Do you belong to the ‘If we build it, they will come’ school of thought? Have you been assuming that if you provide training to employees, they’ll do it - and appreciate it?
In fact a recent survey found that 43% of employees who receive formal training think it’s not very effective in helping them succeed at their job. Common complaints are that training is boring, contains too much information, or isn’t frequent enough.
Sadly, doing training is often just another mandatory aspect of the job, like coming to work on time and following the company dress code.
Boost your bottom line
Boring and ineffective training simply won’t make the positive difference that organisations hope for. Not to mention the massive waste of time and resources spent creating courses and rolling them out – all of which negatively impacts the bottom line.
Some training managers resort to penalties or coercion to get staff to complete compulsory courses. But wouldn’t the training be more effective if staff were motivated to learn and to apply their knowledge on the job?
The secret lies in intrinsic motivation - when we complete tasks because we’re motivated by internal factors like mastery or passion. It’s when we do things just because we want to. But traditional workplace learning is often based on external motivations, like your boss telling you that you have to do something. This approach rarely achieves the desired results.
Use microlearning to inspire and engage
It’s time to channel Marie Kondo and declutter your training library, focusing on content that will inspire and engage - i.e. intrinsically motivate - your learners. This starts with your choice of LMS, and of course some kickass content!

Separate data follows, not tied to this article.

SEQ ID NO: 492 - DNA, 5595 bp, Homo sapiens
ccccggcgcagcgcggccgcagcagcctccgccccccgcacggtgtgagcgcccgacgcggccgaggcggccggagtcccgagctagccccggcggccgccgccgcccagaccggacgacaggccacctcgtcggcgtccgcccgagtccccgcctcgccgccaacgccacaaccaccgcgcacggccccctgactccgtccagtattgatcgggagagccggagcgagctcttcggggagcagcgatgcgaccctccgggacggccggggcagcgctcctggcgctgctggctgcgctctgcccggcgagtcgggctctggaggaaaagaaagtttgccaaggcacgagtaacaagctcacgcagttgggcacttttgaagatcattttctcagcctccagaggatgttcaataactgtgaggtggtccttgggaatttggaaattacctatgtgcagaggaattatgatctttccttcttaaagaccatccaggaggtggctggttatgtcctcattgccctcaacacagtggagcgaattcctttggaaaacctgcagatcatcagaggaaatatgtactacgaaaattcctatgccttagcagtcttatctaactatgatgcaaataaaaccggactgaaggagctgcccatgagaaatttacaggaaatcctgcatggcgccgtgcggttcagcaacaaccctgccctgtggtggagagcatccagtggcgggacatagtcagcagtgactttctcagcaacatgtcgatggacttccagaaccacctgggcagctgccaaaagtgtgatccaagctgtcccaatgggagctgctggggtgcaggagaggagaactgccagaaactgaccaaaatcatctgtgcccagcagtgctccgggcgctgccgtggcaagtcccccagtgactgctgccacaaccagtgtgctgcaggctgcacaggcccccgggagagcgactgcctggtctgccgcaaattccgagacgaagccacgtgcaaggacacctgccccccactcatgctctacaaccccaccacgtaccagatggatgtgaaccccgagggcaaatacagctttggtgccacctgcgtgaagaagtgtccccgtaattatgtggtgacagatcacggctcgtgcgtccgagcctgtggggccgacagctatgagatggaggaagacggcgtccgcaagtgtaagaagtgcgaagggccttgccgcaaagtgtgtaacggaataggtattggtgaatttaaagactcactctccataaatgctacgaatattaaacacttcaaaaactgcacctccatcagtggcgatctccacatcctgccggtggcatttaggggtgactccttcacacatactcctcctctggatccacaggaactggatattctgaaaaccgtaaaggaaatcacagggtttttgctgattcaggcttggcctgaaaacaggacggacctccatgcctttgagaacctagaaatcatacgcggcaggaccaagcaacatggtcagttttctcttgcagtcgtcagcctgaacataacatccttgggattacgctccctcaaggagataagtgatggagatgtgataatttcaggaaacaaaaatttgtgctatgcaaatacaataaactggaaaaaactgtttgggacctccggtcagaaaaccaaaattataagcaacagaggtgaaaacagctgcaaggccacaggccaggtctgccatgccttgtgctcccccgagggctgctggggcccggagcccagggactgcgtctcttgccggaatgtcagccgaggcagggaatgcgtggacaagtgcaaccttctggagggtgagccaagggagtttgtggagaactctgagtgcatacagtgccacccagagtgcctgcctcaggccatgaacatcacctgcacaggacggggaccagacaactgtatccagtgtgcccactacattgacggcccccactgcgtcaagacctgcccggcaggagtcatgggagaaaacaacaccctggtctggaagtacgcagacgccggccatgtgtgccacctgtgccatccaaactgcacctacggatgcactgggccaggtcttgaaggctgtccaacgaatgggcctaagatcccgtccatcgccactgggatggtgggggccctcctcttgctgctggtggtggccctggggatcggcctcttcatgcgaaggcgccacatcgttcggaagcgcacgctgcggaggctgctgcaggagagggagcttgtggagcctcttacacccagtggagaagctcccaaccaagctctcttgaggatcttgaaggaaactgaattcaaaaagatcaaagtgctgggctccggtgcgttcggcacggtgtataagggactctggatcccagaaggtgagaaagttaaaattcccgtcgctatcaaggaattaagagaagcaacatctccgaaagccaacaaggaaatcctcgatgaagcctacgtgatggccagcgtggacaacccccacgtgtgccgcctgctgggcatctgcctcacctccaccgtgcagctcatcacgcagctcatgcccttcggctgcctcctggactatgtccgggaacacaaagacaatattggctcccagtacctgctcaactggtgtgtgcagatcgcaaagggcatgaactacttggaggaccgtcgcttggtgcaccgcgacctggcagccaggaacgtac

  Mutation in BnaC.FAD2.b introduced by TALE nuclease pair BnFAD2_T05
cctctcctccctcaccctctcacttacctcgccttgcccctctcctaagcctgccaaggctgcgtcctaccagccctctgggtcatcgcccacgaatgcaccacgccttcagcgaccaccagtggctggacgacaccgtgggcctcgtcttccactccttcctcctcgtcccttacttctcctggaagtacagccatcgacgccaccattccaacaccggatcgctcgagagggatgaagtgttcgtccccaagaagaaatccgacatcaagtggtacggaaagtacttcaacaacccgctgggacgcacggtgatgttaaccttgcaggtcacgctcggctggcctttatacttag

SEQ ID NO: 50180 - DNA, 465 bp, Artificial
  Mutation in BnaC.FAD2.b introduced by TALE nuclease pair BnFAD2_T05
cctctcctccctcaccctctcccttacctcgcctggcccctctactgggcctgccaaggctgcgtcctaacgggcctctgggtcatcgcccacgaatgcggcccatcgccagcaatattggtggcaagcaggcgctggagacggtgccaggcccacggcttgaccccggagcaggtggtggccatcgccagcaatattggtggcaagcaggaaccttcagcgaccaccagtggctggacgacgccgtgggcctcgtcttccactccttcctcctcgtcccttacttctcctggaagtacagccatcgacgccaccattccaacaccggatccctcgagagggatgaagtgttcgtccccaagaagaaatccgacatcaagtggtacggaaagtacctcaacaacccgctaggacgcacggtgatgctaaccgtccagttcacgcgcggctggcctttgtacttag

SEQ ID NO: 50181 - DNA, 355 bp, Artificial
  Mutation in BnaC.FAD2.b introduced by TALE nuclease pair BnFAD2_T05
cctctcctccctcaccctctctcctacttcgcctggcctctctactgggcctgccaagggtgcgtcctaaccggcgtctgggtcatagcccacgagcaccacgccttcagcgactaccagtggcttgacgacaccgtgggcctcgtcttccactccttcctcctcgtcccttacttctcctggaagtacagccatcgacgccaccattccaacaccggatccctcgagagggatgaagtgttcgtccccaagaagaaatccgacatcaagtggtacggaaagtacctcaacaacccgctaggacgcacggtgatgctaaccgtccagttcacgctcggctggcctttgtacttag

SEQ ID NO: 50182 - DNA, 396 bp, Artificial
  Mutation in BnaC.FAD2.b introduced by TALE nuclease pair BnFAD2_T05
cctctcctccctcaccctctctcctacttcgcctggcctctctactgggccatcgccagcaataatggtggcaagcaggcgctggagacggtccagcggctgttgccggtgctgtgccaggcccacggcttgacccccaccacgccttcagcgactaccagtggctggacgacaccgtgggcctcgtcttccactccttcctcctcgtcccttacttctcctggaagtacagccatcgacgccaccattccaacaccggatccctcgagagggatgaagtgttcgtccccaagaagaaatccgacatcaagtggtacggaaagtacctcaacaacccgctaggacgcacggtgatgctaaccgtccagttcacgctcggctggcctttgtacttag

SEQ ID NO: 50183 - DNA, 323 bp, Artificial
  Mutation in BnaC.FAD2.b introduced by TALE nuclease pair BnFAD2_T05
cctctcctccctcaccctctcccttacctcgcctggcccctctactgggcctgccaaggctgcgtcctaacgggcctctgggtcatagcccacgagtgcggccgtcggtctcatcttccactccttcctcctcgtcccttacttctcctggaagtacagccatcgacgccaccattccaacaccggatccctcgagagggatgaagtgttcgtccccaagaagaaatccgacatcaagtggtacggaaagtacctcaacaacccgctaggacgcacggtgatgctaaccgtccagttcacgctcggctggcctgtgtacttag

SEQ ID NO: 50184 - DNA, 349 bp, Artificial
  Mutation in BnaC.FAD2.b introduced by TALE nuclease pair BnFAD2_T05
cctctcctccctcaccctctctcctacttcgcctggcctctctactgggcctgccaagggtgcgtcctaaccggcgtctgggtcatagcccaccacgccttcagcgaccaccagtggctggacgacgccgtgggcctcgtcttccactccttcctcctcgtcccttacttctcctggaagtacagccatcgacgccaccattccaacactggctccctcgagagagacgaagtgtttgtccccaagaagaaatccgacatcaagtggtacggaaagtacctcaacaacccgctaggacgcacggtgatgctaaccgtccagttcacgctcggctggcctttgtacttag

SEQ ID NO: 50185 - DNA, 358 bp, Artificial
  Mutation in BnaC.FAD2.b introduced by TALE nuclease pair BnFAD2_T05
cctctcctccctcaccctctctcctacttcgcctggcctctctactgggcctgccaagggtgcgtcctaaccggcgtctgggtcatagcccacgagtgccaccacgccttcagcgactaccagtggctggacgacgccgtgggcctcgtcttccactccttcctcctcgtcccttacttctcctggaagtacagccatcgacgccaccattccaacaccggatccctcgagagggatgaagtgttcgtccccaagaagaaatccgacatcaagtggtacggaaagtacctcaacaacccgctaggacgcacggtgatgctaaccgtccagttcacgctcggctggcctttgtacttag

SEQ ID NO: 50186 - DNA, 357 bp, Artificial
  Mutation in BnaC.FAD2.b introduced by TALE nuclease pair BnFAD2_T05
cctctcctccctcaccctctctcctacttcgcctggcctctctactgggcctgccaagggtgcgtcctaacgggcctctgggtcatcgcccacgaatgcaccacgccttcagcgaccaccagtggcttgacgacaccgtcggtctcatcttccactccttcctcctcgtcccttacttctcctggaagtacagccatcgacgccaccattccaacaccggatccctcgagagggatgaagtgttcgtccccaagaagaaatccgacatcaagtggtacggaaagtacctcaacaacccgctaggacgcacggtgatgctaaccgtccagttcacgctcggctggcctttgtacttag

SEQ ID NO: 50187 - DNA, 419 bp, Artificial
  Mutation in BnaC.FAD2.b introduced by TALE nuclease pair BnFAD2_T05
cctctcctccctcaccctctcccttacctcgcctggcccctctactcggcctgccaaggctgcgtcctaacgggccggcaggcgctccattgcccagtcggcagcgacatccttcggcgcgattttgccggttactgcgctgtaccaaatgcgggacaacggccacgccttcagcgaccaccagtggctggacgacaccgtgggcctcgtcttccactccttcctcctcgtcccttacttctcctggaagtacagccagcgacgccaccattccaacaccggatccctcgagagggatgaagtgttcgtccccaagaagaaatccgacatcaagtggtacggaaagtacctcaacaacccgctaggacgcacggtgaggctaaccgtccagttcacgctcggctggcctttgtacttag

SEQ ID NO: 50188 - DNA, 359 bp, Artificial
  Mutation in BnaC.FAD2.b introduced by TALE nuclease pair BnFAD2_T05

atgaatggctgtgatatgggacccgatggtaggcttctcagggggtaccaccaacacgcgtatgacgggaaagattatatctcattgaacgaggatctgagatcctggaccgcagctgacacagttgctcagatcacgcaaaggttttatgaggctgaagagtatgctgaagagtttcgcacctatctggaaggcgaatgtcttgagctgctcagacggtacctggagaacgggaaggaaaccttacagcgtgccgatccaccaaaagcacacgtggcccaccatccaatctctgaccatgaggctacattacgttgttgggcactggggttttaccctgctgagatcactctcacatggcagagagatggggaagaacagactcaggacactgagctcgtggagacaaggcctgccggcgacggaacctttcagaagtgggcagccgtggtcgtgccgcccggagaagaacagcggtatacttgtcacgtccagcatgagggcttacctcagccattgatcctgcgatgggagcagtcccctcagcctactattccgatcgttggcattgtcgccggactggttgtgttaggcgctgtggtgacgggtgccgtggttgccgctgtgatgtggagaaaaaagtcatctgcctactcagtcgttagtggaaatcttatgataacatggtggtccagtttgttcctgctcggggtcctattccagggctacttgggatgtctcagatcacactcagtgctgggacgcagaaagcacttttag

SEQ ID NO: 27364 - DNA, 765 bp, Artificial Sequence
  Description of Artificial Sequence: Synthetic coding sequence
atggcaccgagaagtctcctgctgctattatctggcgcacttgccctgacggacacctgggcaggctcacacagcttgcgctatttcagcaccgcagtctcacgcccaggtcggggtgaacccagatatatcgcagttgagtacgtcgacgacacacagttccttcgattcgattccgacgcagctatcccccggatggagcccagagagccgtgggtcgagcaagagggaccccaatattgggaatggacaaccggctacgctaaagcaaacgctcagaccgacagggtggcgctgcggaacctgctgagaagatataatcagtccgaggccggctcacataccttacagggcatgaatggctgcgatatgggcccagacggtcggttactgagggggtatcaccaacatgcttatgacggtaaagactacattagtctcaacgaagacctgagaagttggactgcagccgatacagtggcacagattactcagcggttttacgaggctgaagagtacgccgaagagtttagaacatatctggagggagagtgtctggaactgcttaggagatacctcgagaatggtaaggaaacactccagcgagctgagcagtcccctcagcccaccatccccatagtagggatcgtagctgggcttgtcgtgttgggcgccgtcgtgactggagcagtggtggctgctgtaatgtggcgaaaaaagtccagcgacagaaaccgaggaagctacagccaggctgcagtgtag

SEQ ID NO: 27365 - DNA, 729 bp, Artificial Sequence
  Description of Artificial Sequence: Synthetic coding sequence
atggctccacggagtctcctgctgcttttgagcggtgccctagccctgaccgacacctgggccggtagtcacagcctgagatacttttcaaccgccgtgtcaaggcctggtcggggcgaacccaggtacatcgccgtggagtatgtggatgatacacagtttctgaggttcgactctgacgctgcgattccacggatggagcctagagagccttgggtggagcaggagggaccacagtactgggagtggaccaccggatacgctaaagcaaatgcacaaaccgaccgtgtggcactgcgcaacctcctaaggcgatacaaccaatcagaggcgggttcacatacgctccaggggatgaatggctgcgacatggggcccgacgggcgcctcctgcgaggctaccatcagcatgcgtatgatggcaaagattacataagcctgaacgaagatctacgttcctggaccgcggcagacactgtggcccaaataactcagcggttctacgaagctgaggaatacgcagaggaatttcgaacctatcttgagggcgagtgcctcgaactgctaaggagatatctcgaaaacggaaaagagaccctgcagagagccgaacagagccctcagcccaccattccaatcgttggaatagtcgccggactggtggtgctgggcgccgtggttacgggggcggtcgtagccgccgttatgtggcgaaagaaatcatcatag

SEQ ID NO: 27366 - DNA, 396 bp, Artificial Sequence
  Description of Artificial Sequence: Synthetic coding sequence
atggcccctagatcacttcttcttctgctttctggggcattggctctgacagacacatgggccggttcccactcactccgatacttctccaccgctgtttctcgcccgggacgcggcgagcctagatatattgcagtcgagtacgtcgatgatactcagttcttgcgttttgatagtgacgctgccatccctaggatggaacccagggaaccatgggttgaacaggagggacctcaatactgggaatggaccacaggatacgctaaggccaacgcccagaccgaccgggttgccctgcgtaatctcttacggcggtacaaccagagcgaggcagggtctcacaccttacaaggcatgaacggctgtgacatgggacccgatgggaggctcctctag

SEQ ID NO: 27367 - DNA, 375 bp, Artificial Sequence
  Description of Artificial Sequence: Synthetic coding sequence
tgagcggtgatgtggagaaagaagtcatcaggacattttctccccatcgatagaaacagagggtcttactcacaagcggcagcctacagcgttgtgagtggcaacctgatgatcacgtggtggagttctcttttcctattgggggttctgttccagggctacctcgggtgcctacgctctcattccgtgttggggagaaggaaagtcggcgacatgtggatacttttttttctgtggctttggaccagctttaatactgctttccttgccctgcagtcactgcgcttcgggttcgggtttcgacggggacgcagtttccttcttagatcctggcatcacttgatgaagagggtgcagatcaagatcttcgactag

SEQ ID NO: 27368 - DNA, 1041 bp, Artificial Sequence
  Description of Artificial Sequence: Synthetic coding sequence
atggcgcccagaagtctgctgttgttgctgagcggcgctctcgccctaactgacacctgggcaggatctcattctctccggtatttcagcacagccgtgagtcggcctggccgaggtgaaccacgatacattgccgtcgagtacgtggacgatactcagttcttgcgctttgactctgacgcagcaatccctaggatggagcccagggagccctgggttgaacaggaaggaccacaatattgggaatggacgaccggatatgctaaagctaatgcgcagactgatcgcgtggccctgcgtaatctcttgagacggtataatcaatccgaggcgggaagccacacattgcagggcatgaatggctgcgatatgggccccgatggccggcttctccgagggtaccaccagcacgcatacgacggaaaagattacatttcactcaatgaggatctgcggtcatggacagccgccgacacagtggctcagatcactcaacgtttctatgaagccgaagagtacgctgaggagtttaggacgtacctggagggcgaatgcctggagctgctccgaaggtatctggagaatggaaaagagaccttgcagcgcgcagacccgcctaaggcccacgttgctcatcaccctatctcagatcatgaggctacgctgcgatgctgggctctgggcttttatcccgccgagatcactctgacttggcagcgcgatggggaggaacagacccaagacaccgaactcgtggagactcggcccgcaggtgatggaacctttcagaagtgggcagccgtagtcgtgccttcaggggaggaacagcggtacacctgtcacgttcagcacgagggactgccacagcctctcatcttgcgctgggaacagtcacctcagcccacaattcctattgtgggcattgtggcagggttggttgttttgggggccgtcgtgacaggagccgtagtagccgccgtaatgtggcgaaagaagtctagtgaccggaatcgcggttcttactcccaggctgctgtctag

We’ve put together some tips for lessons that will spark your learners’ interest - and boost your training ROI. (For more ideas, check out our motivation and engagement playbook).
Give learners options and a sense of control over their learning. By offering training that’s mobile-first, they can decide themselves when and where to learn. And don’t regiment the lesson order - let them binge-learn or jump around and choose what’s relevant for them right now.
Present learners with tasks of moderate difficulty, so that they feel proud when they’ve completed them. Simply scrolling through text won’t hold their interest or inspire them to apply the content to their work.
Offer learners surprising or interesting information that will encourage them to learn more. Catch their attention early, then work to maintain it.
You gotta keep ‘em motivated...
The ARCS model created by John Keller offers more strategies to successfully engage and motivate learners. This model assumes that people are more motivated to perform an activity if it satisfies their needs and if they can expect to be successful.
You can use the four elements of the ARCS model to boost learners’ intrinsic motivation to complete training - without resorting to carrots or sticks!
1. Obtain and sustain learners’ ATTENTION
Use humour and creativity in your content - it doesn’t have to be dead serious.
State a fact that contradicts or challenges learners’ assumptions.
2. Show why it’s RELEVANT
Clearly show how the lessons will boost learners’ earnings or make their jobs easier.
Interview enthusiastic and successful employees in your learning videos to show how they’re applying the information on the job.
And make sure you’re using custom content - not off-the-shelf courses that your learners can’t relate to.
3. Give them the CONFIDENCE to succeed
Clearly state the learning goals and expectations of the course.
Provide hints and allow multiple attempts in quizzes, to reduce the stress of assessment.
4. Build a sense of SATISFACTION
Use immediate feedback to give learners a sense of achievement and mastery.
Monitor learners’ progress and give praise to the most active or diligent ones.
By using these techniques with a mobile-first, microlearning platform like eduMe, you too can create and deliver inspirational content! In no time you’ll find that your learners are enjoying their training and taking pride in displaying their new skills and knowledge on the job.